Saudi Arabia’s Foreign Minister Adel al-Jubeir met with Pakistan Prime Minister Nawaz Sharif in Islamabad Thursday.
Pakistan’s prime minister “is keen to use the two-day visit to defuse spiraling sectarian tension between the Sunni-majority kingdom and Shi’ite Iran,” reports Reuters.
“Saudi Arabia’s execution of a prominent Shi’ite cleric on Saturday inflamed tension across the Middle East and infuriated Iran, Riyadh’s main rival in the region,” notes the report, adding, “Several of Saudi Arabia’s Sunni allies have broken diplomatic ties with Iran after demonstrators ransacked the Saudi embassy in Tehran this weekend.”
Shiite cleric Sheikh Nimr al-Nimr was executed along with 46 other detainees on terrorism charges. The execution has prompted a split in the entire Muslim world, primarily pitting Sunnis against Shiites, with nations publicly taking sides in the quarrel.
Kuwait, Bahrain, and Sudan have broken off diplomatic ties with Iran. Meanwhile, the United Arab Emirates announced it was “downgrading” its diplomatic relations with Iran. The execution has fueled protests in various nations, including the United States.
“Pakistan expressed deep concern at the escalation of the situation and condemned the burning down of [the] Saudi Embassy in Tehran,” reportedly said Sharif’s office in a statement, adding, “The Prime Minister called for [the] resolution of differences through peaceful means in the larger interest of the Muslim unity.”
Gen. Raheel Sharif, Pakistan’s army chief, and Sharif’s foreign affairs adviser Sartaj Aziz also met with the Saudi foreign minister.
Saudi Arabia’s visit comes after Pakistan disassociated itself from a coalition against the anti-Islamic State (ISIS/ISIL) announced by Saudi Arabia last month, which listed Pakistan as a member.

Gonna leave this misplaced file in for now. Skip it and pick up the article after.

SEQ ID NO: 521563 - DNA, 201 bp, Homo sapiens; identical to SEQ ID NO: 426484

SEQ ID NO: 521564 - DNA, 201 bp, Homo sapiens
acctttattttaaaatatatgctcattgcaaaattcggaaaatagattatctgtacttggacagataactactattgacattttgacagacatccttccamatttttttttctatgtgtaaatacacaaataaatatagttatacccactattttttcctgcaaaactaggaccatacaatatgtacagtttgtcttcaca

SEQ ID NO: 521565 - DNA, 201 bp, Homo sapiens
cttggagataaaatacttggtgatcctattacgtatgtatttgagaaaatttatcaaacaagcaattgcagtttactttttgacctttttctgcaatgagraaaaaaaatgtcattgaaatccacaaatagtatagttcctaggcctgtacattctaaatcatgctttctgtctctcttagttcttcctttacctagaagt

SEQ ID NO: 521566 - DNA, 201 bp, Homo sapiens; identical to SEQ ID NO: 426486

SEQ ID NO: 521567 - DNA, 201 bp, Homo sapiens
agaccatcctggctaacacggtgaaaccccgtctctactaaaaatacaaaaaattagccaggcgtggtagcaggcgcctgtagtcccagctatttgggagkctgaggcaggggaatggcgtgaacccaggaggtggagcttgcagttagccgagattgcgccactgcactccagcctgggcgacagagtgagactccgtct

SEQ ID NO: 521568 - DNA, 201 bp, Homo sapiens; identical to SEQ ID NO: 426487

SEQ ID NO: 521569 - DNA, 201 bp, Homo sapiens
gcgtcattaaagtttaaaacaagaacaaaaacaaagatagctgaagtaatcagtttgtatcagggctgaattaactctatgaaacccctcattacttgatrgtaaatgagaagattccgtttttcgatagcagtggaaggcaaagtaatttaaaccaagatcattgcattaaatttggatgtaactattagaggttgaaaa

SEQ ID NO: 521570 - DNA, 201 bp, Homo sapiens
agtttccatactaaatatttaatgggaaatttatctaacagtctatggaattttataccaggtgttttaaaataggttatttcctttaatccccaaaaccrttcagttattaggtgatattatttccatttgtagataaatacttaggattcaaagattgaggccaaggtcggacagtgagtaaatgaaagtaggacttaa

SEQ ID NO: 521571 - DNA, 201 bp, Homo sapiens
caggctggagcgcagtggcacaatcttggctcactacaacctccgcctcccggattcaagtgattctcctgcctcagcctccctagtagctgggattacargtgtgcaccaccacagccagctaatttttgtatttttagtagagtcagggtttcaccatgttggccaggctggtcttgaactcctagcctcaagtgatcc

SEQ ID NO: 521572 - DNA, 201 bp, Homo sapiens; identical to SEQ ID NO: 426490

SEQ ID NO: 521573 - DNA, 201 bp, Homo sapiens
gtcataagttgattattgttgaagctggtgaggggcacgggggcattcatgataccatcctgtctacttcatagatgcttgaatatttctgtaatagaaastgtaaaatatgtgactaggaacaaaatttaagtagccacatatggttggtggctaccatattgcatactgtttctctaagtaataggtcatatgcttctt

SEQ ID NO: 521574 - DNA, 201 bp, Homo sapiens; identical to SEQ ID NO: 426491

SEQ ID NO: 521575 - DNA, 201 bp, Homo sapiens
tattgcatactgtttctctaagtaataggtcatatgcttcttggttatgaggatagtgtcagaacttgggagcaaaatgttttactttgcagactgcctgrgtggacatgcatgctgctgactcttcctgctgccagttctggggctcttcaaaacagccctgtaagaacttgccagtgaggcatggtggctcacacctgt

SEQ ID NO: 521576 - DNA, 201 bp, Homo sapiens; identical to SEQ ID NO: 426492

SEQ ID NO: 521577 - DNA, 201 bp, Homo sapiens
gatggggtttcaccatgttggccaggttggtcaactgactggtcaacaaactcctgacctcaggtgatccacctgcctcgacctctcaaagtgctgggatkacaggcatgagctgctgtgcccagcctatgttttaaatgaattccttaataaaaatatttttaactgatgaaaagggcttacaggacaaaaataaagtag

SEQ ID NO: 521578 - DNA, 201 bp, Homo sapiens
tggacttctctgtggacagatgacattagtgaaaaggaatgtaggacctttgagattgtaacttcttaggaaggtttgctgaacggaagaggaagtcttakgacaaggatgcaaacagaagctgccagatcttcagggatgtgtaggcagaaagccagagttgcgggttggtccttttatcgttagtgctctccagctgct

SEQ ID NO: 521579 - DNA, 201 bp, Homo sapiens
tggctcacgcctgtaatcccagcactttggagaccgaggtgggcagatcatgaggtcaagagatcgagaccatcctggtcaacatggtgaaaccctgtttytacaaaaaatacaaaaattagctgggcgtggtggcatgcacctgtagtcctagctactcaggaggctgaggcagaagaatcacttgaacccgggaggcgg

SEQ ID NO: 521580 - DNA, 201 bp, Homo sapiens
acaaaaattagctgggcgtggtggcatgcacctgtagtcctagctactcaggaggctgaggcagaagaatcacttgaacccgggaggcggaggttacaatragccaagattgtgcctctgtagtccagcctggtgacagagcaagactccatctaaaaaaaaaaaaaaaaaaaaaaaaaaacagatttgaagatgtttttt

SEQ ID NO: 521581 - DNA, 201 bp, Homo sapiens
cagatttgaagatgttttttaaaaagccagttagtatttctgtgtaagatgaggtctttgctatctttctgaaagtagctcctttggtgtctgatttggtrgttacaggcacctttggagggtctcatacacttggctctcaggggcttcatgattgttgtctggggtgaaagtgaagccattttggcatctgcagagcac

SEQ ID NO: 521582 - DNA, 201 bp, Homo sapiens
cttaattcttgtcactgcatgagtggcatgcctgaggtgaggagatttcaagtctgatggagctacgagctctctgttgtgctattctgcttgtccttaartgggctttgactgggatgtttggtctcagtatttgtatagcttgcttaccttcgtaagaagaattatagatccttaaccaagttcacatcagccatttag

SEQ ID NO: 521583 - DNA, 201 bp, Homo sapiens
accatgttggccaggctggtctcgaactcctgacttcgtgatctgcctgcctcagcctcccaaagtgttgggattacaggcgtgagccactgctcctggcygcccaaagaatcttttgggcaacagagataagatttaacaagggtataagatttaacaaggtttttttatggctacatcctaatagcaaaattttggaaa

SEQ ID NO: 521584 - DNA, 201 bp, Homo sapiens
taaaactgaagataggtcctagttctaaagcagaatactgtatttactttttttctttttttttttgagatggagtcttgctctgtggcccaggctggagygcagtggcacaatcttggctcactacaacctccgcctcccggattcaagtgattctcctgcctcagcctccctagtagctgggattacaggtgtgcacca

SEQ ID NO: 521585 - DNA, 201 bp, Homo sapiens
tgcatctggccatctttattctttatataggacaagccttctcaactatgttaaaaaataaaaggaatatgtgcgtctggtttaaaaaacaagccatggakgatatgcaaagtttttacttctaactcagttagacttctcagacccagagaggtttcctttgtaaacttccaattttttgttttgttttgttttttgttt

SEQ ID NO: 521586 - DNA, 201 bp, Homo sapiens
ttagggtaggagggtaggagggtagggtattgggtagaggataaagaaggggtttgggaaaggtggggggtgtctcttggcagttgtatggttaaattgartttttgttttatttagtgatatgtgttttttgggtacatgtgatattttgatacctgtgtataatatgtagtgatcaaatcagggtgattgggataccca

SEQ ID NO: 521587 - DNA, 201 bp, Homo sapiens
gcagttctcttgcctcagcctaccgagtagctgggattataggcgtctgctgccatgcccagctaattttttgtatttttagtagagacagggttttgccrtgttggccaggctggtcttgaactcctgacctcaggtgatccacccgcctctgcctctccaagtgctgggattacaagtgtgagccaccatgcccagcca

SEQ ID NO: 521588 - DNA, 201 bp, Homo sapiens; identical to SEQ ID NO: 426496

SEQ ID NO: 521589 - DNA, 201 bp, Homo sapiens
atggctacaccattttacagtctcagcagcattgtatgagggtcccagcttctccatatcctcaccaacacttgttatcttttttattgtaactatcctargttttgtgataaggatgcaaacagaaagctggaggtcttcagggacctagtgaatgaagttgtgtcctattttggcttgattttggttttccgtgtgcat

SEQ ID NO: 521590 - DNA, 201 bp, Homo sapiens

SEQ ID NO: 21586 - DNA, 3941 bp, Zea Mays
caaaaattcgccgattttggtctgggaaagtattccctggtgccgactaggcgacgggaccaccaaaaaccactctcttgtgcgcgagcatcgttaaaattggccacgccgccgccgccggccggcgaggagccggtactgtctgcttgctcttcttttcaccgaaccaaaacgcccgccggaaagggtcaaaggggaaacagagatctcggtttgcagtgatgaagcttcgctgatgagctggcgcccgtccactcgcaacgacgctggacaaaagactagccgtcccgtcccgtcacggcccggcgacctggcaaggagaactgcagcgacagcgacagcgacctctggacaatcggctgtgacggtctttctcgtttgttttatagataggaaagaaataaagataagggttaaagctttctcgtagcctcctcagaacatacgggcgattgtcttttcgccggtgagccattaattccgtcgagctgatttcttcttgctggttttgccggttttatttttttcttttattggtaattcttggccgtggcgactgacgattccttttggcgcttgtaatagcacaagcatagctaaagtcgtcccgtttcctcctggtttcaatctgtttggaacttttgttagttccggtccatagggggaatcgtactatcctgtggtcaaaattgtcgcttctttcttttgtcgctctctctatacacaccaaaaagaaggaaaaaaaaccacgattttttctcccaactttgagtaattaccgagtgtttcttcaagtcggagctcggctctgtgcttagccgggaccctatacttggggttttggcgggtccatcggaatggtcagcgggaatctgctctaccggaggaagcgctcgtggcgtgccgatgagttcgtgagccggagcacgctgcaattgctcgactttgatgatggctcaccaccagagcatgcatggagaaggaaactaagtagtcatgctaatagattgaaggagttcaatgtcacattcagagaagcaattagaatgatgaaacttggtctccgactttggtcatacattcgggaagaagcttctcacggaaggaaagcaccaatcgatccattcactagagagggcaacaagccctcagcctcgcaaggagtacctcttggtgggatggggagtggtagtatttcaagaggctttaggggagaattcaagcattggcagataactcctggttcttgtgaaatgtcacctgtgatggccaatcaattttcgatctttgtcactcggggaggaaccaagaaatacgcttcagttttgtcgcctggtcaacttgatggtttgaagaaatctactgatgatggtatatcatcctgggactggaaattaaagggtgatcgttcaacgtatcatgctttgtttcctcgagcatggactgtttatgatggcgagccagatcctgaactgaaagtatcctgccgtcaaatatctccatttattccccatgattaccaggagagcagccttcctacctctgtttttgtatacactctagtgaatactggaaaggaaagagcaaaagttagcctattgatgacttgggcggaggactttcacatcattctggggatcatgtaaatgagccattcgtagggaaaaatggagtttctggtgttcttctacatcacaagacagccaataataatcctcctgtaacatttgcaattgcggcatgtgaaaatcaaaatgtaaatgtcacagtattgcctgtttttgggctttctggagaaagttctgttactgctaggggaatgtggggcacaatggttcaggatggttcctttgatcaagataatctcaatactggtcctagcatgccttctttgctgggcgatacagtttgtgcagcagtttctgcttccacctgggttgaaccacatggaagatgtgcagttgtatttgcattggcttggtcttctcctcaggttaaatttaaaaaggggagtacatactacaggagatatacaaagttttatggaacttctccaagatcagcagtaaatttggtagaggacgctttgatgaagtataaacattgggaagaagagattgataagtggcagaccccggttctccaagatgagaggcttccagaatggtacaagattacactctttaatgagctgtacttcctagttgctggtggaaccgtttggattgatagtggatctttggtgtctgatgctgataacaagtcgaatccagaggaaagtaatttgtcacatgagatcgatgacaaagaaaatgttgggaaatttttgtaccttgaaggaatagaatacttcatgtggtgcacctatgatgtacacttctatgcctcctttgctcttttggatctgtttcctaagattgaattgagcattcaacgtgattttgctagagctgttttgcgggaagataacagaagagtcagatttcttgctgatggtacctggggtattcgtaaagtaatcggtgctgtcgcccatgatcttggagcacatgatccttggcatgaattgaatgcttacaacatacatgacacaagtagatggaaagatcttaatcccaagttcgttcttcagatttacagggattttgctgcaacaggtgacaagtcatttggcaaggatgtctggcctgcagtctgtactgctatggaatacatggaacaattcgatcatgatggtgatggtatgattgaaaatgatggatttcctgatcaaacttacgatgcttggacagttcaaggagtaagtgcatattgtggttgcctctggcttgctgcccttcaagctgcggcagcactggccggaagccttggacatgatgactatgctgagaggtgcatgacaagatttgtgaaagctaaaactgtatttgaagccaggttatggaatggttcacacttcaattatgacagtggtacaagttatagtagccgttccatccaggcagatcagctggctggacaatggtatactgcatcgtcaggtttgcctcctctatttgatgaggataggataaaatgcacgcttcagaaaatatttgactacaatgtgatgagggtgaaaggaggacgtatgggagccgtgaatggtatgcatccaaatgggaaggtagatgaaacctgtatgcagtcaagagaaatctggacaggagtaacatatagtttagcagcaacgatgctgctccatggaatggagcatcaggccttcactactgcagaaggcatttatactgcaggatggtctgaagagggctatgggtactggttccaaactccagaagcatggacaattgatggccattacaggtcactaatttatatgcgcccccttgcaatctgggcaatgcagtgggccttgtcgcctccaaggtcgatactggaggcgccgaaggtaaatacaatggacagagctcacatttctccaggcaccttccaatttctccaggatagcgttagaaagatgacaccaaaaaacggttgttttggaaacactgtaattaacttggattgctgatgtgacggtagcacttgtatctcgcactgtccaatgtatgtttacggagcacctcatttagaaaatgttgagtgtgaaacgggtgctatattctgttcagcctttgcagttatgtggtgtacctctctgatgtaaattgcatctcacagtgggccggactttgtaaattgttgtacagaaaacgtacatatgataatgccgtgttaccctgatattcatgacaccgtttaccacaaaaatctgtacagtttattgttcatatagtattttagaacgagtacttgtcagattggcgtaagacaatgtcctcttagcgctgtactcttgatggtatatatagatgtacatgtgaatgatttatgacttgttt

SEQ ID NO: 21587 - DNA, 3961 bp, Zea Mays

Moreover, Pakistan refused to be part of a Saudi-led intervention, backed primarily by Sunni Gulf states, in Yemen last year to combat Iranian-allied Houthi rebels.
“Pakistan can’t afford to provide what Saudi Arabia is looking for,” said Mosharraf Zaidi, an Islamabad-based commentator, according to Reuters.
Zaidi reportedly pointed out that Pakistan had the most of any Muslim-majority nation to lose from broader sectarian fight between Sunnis and Shiites.
“The real trick is to find a way to send him [Al-Jubeir] back happy without giving him anything that would upset his Iranian counterpart,” also said the commentator.
Pakistan wants to improve trade ties with both Iran and Saudi Arabia and improve access to their extensive energy resources to feed its power-hungry economy.
“It hopes to finish a major gas pipeline to Iran if sanctions imposed over Iran’s nuclear program are lifted,” notes Reuters. “But Pakistan and Saudi Arabia have cultivated a close alliance for decades, and Sharif spent time in political exile in Saudi Arabia in the 2000s, after he was ousted in a military coup.”
Pakistan received a $1.5 billion “gift” from Saudi Arabia last year to shore up its foreign reserves.